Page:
Class actions face a crisis of governance. The form of governance provided by Rule 23, governance by representative parties, is both vague in theory and ignored in practice. Instead, by a combination of procedural rules, judicial interpretation and common practice, the class is governed by a regime of attorney dictatorship with limited judicial oversight. This regime neither reflects the basic insight that the class and attorney do not have a traditional attorney-client relationship nor performs the task of transforming the inchoate collectivity of the class into an organization that protects and is responsive to the will of class members. This Article proposes an alternative regime of governance for 23(b)(3) small claims class actions that accomplishes both these things, based on four fundamental principles: mandatory disclosure of material information, an actively adversarial process, expertise of decision-makers and independence of decision-makers from influence and self-interest.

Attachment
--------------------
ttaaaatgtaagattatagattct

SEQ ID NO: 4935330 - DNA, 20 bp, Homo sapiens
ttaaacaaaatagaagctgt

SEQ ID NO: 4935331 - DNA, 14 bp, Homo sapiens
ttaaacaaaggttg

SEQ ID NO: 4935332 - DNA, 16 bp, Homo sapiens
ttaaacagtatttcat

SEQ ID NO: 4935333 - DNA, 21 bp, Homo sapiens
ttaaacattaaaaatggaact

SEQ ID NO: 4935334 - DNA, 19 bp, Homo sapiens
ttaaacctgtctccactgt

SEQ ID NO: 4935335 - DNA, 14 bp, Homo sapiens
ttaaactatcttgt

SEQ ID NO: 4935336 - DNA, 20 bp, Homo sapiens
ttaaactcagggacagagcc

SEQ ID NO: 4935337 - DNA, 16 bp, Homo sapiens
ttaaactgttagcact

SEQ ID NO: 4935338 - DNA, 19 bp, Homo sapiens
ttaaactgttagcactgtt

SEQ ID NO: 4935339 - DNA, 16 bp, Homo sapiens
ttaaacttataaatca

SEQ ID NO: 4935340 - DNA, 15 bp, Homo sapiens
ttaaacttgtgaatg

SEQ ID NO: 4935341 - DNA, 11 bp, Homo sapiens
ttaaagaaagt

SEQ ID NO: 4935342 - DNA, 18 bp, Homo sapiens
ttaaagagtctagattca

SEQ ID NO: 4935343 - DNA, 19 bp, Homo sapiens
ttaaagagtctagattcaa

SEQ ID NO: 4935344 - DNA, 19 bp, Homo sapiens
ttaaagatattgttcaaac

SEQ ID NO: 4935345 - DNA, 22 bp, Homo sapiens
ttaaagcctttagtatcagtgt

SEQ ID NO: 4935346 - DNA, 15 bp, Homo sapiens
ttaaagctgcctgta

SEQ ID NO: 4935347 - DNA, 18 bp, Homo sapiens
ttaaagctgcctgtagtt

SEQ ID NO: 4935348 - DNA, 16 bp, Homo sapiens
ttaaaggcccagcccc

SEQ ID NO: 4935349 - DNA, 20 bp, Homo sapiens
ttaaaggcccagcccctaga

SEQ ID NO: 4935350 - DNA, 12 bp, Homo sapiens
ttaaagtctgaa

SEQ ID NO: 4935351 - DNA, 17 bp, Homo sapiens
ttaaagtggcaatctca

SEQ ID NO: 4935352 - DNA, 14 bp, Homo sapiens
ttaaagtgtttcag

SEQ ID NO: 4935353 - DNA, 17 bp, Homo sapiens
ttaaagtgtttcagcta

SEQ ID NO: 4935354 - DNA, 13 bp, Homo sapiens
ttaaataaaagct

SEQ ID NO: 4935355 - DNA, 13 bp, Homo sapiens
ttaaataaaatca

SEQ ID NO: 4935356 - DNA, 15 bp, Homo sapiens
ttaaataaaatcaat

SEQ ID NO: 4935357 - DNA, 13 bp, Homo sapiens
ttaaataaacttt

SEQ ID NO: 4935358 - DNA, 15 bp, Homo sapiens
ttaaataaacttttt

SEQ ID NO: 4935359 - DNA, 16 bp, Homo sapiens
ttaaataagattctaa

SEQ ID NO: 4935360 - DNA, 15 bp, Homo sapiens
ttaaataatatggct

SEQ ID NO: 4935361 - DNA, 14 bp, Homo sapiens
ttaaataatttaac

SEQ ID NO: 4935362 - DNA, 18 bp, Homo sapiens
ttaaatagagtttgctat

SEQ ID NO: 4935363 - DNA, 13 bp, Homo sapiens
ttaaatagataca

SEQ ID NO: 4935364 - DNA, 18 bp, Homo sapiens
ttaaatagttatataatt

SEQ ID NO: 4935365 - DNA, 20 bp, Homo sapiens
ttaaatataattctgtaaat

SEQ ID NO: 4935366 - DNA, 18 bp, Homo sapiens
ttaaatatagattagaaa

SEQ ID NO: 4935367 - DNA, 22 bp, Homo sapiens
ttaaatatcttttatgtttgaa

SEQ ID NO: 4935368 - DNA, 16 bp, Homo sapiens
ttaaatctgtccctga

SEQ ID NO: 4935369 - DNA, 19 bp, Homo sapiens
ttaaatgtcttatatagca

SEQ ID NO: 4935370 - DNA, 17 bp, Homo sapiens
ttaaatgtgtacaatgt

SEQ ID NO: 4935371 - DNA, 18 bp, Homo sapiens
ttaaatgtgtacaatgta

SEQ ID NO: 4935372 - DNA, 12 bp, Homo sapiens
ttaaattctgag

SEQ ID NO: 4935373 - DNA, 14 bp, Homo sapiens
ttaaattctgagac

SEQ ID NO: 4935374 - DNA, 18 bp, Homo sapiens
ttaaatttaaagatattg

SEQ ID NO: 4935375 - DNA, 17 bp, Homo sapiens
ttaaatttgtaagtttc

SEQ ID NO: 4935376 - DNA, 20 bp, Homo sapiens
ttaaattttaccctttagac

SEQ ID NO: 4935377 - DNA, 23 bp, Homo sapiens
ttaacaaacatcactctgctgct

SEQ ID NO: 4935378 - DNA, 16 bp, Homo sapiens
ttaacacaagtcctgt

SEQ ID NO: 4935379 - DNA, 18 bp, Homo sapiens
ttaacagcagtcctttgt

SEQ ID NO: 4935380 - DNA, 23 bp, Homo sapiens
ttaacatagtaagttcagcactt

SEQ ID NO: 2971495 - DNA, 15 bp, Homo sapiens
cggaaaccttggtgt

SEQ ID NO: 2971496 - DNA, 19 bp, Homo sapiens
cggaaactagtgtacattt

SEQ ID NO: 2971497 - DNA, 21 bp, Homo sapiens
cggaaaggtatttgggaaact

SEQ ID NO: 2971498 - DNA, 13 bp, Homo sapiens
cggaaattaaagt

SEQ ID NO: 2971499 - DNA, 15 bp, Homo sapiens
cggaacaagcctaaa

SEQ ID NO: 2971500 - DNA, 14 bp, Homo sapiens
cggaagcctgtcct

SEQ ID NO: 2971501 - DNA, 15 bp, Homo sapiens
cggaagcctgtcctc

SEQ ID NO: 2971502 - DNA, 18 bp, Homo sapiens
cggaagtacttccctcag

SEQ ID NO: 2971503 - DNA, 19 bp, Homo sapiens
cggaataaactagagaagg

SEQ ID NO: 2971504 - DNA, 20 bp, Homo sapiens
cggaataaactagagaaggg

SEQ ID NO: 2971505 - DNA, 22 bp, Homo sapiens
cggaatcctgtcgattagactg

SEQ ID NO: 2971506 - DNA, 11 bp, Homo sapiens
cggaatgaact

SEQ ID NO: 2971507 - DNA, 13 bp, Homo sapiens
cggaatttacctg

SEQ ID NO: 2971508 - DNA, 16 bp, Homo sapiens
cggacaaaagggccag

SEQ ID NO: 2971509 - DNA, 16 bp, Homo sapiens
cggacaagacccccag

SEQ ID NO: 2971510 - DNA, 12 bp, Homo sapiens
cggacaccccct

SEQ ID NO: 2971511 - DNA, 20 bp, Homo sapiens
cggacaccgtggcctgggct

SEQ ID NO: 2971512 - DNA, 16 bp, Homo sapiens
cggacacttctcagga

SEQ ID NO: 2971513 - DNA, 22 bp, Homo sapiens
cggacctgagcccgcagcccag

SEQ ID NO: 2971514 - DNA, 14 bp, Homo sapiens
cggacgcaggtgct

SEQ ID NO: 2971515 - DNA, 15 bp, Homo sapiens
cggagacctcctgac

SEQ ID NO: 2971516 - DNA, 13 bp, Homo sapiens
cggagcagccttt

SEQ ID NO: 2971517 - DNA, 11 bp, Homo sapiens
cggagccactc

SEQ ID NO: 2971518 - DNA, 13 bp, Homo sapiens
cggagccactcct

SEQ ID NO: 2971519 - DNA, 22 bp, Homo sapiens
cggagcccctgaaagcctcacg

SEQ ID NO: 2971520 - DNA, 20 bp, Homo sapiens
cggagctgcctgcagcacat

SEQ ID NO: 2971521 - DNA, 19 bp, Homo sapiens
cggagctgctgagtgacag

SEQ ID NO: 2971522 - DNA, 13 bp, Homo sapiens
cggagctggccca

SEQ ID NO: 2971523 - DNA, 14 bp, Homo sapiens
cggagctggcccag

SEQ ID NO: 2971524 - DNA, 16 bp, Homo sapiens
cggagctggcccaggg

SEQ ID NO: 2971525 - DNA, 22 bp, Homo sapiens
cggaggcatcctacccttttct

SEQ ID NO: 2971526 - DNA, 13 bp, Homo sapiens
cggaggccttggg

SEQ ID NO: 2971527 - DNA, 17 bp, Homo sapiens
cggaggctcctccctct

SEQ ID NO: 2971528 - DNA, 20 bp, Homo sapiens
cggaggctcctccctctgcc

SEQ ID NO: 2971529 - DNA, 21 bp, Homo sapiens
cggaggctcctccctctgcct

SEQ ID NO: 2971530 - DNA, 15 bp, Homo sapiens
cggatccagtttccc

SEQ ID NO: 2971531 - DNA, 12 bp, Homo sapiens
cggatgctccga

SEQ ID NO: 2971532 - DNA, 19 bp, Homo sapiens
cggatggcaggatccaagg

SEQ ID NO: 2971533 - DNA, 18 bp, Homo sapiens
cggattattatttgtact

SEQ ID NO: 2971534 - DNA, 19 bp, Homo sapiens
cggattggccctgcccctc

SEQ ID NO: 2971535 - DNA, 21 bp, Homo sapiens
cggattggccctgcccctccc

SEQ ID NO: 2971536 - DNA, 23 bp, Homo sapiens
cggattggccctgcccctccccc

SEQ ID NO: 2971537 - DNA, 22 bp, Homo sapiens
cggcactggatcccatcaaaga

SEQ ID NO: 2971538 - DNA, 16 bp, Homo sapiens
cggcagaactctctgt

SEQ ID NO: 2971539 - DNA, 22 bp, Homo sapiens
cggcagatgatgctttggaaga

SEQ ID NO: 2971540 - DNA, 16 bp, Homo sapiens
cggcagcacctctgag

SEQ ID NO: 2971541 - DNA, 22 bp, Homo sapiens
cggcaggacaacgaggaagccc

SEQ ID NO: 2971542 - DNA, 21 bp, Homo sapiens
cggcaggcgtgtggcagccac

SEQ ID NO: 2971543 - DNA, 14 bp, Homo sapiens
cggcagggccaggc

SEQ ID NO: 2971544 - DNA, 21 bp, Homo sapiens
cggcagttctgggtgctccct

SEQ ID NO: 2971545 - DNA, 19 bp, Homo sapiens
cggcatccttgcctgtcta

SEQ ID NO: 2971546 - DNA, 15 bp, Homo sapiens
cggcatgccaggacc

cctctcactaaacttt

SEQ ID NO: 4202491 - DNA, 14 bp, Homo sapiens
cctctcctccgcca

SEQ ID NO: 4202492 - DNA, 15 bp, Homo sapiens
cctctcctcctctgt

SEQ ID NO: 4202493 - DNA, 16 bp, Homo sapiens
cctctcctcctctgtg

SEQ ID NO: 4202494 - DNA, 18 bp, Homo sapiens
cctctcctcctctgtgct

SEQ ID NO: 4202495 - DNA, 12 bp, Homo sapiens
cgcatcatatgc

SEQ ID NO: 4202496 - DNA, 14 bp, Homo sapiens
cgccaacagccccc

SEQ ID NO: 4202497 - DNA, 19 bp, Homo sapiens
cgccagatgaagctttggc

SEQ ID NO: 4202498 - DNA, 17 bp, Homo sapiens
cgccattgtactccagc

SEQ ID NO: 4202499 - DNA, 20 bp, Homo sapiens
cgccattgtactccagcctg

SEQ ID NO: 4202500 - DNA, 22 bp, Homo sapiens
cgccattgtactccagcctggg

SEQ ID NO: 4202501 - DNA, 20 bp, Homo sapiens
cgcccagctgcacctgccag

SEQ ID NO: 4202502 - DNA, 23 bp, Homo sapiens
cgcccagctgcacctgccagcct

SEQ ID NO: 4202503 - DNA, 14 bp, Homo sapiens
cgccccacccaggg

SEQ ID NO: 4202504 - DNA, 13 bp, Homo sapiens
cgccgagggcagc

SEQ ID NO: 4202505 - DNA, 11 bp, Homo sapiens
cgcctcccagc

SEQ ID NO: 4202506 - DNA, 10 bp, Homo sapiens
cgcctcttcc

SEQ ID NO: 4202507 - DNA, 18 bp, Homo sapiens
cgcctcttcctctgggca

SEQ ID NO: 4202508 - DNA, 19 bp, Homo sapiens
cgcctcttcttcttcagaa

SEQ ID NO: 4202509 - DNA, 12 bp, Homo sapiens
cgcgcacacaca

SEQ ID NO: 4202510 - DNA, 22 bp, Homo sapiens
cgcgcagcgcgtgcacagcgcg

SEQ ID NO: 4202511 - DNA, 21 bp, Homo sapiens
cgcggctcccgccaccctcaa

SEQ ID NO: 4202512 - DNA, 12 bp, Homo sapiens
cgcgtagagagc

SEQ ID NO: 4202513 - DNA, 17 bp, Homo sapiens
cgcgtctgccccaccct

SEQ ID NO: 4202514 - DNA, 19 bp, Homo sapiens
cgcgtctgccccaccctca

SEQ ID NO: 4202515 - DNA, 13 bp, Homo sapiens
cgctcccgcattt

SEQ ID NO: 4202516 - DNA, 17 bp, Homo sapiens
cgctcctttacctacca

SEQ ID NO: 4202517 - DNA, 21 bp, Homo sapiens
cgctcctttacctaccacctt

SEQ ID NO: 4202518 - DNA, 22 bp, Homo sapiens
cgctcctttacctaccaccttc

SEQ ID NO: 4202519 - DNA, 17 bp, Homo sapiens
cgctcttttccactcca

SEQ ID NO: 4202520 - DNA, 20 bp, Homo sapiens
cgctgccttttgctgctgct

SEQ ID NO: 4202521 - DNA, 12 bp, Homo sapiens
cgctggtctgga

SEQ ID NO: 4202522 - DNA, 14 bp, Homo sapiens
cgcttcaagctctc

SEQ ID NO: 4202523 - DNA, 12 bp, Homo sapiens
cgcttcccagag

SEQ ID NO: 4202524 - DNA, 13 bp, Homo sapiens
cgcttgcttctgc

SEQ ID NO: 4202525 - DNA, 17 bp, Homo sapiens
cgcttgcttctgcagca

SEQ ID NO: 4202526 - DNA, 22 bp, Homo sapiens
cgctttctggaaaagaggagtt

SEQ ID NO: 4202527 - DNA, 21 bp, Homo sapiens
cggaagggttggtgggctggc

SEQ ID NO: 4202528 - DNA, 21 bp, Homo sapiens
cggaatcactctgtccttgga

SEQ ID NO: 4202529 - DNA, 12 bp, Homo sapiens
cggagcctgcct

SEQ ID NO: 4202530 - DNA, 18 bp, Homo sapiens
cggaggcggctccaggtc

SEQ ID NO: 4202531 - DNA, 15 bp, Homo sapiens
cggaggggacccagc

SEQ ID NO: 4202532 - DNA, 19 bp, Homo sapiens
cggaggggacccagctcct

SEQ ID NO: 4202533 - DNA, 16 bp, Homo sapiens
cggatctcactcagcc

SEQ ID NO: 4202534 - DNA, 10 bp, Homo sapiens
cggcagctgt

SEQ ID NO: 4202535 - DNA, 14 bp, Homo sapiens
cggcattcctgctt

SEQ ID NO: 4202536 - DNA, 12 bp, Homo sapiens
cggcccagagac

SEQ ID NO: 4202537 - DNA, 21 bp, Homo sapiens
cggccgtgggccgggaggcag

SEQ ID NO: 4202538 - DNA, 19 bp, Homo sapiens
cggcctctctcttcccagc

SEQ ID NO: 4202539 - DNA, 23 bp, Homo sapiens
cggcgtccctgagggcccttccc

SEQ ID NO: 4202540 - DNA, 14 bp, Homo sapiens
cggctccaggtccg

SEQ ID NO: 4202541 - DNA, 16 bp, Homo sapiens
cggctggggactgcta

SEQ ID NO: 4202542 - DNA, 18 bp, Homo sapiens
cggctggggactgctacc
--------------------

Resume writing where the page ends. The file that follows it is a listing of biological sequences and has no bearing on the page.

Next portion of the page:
Lahav, Alexandra, "Fundamental Principles for Class Action Governance" (2003). Faculty Articles and Papers. 195.